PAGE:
08 May How Do You Like Me Now?
Gerald was sent to us for coaching with the vague goal of “getting along better”. No specific behavioral infractions were cited, just a general lack of connection with any of his staff.
“No-one likes to work for him,” said his supervisor. “The quality of work in his department is going down. Everyone seems dispirited.”
This situation was not new, but the new director of the organization placed high value on collegiality, and he believed that relationships affect work performance, so he hoped that Gerald would be able to make some changes.
Gerald was a pleasant enough fellow, but his attitude was that he didn’t come to work to make friends, and he pretty much didn’t care if his staff liked him or not as long as they did their jobs. He didn’t see what the problem was and he thought the new director, while well-respected and well-liked, put too much emphasis on “touchy-feely stuff”.
Over time Gerald was persuaded that better relationships with his staff might yield better work results, and he began to consider ways to make himself more agreeable to his staff. More likeable.
But it was a hard sell. As Gerald said, he had never been abusive or disrespectful; he thought he was polite and fair. He thought respecting one another for their efforts was enough, and he didn’t know what the next level in relationship development would be.
Gerald isn’t alone. The world is filled with people who are civil, diligent, and impersonal. Sometimes we call them “business-like”. And there are many who are not charmed by people at the far end of the personality spectrum: the aggressively friendly and insistently personal.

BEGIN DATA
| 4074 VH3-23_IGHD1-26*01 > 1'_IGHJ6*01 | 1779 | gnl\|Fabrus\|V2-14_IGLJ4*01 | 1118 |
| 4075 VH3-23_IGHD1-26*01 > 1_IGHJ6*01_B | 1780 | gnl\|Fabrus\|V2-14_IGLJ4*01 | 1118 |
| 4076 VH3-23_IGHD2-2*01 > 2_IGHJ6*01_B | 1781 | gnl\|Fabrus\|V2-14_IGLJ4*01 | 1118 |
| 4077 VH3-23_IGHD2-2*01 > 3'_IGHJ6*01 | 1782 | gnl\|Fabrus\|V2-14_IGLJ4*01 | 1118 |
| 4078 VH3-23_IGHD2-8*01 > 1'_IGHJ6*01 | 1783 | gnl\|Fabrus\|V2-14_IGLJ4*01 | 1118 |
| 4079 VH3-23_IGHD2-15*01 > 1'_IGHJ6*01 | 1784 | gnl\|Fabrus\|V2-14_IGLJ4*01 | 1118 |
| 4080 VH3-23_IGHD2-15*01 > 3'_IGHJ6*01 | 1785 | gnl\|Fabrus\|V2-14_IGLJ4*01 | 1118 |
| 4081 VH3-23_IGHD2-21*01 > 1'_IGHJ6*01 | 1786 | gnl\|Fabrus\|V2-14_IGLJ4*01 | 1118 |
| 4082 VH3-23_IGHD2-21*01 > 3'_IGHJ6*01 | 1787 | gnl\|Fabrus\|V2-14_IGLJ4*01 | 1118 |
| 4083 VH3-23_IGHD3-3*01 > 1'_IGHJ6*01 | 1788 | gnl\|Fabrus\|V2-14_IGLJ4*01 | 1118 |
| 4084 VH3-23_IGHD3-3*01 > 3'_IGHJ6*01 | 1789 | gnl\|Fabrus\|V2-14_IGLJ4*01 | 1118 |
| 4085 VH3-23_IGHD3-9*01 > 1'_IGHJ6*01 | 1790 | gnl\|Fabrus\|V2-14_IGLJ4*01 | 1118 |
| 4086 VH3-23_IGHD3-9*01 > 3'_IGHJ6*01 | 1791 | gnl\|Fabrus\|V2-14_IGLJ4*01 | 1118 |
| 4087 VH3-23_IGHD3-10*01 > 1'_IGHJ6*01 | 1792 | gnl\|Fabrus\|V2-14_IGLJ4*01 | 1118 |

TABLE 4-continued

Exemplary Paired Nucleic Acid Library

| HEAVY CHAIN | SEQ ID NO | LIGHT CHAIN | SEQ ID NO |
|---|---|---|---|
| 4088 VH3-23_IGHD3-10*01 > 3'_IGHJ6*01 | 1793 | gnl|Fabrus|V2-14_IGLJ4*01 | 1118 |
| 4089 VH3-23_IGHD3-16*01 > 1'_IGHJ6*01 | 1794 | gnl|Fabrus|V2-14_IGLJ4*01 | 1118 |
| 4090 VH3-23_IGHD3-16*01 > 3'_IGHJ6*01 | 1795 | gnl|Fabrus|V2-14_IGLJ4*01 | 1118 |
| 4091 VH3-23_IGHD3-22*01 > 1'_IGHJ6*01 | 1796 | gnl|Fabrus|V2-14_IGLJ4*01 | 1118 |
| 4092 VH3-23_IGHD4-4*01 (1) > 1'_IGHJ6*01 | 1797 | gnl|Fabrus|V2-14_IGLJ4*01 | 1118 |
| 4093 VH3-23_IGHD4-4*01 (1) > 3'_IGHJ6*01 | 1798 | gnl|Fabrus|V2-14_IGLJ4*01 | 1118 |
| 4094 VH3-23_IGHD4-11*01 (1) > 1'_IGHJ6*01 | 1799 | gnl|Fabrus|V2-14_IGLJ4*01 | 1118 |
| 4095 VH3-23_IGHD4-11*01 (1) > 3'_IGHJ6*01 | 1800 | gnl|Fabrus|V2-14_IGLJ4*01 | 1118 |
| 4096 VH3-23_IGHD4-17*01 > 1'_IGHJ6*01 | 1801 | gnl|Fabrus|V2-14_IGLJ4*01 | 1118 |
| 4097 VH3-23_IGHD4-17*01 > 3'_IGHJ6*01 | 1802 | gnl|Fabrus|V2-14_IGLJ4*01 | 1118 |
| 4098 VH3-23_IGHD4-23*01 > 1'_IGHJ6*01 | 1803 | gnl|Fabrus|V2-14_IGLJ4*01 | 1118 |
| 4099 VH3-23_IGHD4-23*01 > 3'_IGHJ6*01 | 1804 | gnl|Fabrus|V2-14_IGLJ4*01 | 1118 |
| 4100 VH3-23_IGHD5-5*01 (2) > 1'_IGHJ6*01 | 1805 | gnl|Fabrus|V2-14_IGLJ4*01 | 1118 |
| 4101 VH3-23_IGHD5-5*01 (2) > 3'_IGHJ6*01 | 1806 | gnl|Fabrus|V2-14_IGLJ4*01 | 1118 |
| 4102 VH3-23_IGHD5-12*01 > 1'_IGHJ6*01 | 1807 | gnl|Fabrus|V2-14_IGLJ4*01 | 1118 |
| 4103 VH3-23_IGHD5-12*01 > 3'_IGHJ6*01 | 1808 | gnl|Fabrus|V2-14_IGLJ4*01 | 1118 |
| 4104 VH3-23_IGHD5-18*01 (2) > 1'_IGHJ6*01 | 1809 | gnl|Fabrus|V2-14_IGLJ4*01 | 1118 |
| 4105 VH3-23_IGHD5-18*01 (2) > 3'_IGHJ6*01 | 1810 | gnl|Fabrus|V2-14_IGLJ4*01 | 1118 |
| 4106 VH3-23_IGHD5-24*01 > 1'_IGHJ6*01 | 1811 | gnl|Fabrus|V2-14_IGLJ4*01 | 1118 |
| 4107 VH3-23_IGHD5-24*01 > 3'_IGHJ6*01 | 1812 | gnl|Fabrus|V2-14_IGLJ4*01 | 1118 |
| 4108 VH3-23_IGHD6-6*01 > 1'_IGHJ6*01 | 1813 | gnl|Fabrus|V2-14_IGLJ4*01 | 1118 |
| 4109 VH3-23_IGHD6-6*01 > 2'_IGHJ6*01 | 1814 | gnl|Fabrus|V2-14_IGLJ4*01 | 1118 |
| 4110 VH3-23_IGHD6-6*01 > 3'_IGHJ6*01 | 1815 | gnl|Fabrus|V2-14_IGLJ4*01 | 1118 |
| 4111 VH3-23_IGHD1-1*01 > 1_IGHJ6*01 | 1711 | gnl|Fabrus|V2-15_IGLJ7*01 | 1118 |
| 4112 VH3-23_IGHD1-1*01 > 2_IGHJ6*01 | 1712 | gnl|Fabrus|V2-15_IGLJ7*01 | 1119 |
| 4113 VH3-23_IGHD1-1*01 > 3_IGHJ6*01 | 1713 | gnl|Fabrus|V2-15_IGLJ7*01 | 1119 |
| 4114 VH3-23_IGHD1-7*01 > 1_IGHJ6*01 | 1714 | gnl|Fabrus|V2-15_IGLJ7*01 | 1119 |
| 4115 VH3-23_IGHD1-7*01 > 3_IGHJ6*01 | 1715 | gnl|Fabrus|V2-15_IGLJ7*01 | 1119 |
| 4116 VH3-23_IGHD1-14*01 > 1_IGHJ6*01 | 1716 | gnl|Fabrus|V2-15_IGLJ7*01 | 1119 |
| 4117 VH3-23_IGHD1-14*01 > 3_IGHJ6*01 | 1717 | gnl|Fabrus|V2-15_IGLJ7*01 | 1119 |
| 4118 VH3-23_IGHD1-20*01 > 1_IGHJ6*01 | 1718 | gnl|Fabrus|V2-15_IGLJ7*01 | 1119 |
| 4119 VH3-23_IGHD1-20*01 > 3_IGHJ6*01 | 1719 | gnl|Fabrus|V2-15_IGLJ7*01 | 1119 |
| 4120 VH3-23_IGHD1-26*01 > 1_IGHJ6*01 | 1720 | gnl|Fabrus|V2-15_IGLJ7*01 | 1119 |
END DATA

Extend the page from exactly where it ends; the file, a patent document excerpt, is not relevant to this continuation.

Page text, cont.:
To better define likeability, and to learn how it might relate to him, Gerald was encouraged to observe the interactions of people who seemed to enjoy collegial and comfortable relationships with one another, to discount behaviors that he found distasteful or “overdone”, and to make note of behaviors that he thought he could adopt.
Gerald reported that everyone he observed who seemed to be well-liked, as opposed to those who just acted like they were popular, had one characteristic in common: an interest in other people. He said it showed up in a number of ways:
– Asking questions and listening to the answers;
– Exhibiting interest in the interests of others;
– Relaxing and smiling;
– Making eye contact.
And his favorite: not making everything be about themselves. Gerald said that people who kept the focus on others were freed of having to talk very much so they didn’t have to think of things to say all the time.
As Gerald said, “I think people like you if they think you like them. I guess everyone wants to be liked.”
Language at Work: helping people find their likeable selves for over 28 years. Call 202-298-7700 today.